And that is why I have confidence, as I leave this stage tonight, that the Democratic Party is in good hands. My time in this office, it hasn’t fixed everything. As much as we’ve done, there’s still so much I want to do. But for all the tough lessons I’ve had to learn, for all the places I’ve fallen short, I’ve told Hillary, and I’ll tell you what’s picked me back up, every single time: It’s been you, the American people.
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It is every American who believed we could change this country for the better, so many of you who’d never been involved in politics, who picked up phones and hit the streets and used the internet in amazing new ways that I didn’t really understand, but made change happen. You are the best organizers on the planet, and I am so proud of all the change that you made possible.
Time and again, you’ve picked me up. And I hope sometimes I’ve picked you up, too.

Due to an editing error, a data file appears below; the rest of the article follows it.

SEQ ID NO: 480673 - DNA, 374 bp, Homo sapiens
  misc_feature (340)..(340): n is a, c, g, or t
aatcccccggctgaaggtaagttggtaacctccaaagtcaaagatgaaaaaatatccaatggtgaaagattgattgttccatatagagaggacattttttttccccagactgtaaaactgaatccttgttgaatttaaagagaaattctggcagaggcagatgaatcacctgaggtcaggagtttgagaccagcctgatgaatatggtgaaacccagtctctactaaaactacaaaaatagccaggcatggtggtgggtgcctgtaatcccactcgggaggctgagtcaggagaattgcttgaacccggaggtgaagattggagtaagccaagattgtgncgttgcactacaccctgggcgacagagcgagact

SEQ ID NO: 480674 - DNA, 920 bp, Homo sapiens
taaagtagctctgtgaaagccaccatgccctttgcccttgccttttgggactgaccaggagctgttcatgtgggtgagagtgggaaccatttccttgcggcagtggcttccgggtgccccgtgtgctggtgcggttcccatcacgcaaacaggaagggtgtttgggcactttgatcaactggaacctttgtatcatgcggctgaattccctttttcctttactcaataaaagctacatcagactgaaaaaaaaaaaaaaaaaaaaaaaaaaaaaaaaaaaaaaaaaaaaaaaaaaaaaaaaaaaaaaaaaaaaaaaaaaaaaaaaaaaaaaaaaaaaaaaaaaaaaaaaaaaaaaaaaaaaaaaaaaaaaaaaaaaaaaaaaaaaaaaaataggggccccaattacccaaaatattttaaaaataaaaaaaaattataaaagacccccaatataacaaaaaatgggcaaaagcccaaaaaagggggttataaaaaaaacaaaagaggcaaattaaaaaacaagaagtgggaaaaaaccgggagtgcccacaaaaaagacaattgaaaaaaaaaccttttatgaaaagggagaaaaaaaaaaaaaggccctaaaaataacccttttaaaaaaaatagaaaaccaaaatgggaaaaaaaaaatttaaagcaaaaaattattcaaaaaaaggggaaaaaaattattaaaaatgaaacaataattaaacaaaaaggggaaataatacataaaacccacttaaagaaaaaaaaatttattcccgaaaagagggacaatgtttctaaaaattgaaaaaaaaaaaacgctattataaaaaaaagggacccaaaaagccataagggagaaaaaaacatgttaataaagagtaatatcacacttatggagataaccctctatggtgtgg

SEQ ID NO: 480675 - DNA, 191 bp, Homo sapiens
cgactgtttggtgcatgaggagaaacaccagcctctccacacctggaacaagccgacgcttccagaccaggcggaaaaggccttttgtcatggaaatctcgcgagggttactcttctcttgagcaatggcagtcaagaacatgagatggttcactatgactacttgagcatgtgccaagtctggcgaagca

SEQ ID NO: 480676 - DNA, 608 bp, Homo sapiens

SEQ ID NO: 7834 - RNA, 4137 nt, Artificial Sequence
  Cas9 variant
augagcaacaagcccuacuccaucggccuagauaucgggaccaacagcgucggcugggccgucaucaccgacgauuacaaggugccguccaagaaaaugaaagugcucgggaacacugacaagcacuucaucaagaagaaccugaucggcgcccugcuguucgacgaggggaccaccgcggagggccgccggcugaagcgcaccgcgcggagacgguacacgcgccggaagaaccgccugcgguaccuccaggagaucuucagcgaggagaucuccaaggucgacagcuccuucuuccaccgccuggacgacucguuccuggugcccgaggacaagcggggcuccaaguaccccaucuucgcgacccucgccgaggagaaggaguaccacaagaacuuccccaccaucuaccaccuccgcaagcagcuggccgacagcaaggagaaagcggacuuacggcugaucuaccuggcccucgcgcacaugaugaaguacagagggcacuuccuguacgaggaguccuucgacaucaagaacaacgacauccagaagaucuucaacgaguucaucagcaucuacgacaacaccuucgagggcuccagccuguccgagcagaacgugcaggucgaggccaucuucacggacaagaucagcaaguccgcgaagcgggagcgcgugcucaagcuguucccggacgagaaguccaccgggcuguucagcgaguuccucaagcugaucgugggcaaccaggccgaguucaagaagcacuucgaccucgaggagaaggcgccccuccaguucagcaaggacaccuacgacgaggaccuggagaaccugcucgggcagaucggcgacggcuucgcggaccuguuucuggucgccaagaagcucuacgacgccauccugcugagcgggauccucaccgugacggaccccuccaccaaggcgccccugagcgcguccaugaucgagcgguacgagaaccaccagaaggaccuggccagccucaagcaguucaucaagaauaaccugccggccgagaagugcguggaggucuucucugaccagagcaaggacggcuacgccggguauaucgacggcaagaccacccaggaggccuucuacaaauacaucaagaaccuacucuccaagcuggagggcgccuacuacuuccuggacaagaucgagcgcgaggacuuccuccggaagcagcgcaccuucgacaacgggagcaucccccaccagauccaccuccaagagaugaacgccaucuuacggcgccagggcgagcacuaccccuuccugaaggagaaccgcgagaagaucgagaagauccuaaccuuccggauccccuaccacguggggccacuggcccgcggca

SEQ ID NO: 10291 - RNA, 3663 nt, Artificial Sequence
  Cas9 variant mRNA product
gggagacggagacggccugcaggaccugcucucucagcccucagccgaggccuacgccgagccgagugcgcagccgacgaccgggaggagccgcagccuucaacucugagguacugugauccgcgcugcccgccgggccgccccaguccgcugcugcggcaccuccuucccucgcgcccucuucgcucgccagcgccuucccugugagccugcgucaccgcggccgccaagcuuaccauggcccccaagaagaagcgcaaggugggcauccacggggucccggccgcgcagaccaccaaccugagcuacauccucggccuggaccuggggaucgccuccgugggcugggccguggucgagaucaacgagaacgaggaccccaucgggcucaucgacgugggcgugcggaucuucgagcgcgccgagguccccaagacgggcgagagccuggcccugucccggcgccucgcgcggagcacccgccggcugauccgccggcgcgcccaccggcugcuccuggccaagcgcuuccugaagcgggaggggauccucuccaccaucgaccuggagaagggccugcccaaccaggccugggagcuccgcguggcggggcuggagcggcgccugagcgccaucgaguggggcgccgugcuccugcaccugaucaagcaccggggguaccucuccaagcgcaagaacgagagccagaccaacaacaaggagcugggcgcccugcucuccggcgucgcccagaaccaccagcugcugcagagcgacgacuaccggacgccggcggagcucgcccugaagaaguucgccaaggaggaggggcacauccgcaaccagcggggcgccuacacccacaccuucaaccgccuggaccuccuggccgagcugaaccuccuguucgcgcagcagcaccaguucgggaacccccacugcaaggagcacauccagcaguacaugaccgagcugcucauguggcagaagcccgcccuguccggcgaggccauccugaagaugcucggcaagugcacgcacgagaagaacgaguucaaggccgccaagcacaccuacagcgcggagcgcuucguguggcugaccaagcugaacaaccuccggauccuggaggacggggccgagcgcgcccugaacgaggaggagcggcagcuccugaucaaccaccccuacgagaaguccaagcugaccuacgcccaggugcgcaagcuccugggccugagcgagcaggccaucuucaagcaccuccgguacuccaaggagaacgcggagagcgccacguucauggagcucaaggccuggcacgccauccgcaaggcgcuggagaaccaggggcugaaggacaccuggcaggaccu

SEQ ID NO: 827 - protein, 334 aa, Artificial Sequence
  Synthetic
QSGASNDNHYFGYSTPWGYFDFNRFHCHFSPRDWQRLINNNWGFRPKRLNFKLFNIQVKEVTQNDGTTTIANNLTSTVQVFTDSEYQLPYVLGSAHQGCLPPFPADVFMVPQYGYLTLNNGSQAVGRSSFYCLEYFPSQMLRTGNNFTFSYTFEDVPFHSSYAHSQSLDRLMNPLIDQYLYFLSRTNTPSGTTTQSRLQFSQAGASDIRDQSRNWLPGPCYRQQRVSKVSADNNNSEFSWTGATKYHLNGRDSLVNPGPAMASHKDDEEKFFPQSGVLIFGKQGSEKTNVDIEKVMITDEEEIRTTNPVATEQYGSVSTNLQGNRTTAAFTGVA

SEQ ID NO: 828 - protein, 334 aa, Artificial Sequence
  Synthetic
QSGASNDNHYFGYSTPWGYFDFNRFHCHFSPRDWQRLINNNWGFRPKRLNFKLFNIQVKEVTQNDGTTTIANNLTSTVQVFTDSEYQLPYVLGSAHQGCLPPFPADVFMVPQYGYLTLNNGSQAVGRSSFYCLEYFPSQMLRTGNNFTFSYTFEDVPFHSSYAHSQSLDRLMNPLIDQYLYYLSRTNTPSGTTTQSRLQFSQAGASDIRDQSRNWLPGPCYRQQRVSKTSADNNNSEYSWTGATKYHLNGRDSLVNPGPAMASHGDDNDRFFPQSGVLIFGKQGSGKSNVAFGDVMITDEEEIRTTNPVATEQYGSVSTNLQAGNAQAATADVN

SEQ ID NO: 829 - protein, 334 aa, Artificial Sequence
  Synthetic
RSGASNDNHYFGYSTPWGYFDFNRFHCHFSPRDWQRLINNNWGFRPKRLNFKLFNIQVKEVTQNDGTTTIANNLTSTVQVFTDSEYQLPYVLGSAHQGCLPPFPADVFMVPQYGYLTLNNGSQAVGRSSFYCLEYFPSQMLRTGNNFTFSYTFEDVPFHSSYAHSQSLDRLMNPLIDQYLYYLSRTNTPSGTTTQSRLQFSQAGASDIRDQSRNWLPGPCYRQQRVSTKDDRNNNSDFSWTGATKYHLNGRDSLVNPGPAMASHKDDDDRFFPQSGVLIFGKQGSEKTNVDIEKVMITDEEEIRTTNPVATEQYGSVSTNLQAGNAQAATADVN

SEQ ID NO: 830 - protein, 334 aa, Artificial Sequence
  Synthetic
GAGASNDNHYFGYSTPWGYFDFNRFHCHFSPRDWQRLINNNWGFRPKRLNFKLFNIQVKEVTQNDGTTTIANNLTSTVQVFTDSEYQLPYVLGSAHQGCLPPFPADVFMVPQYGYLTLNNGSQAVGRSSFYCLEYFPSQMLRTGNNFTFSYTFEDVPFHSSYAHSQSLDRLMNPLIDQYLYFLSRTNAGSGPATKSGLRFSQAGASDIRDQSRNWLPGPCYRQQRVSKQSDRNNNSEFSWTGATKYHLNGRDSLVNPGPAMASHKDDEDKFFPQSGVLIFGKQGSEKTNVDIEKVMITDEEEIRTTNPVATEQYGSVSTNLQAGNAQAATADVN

And tonight, I ask you to do for Hillary Clinton what you did for me.
I ask you to carry her the same way you carried me. Because you’re who I was talking about 12 years ago, when I talked about hope. It’s been you who’ve fueled my dogged faith in our future, even when the odds were great, even when the road is long. Hope in the face of difficulty, hope in the face of uncertainty, the audacity of hope!
America, you have vindicated that hope these past eight years.
And now I’m ready to pass the baton and do my part as a private citizen. So this year, in this election, I’m asking you to join me, to reject cynicism and reject fear and to summon what is best in us; to elect Hillary Clinton as the next president of the United States and show the world we still believe in the promise of this great nation.
Thank you for this incredible journey. Let’s keep it going. God bless you. God bless the United States of America.
At the conclusion of his speech, President Obama was joined by Hillary Clinton on stage for an embrace and wave to the convention delegates. Hillary Clinton joins Obama on stage.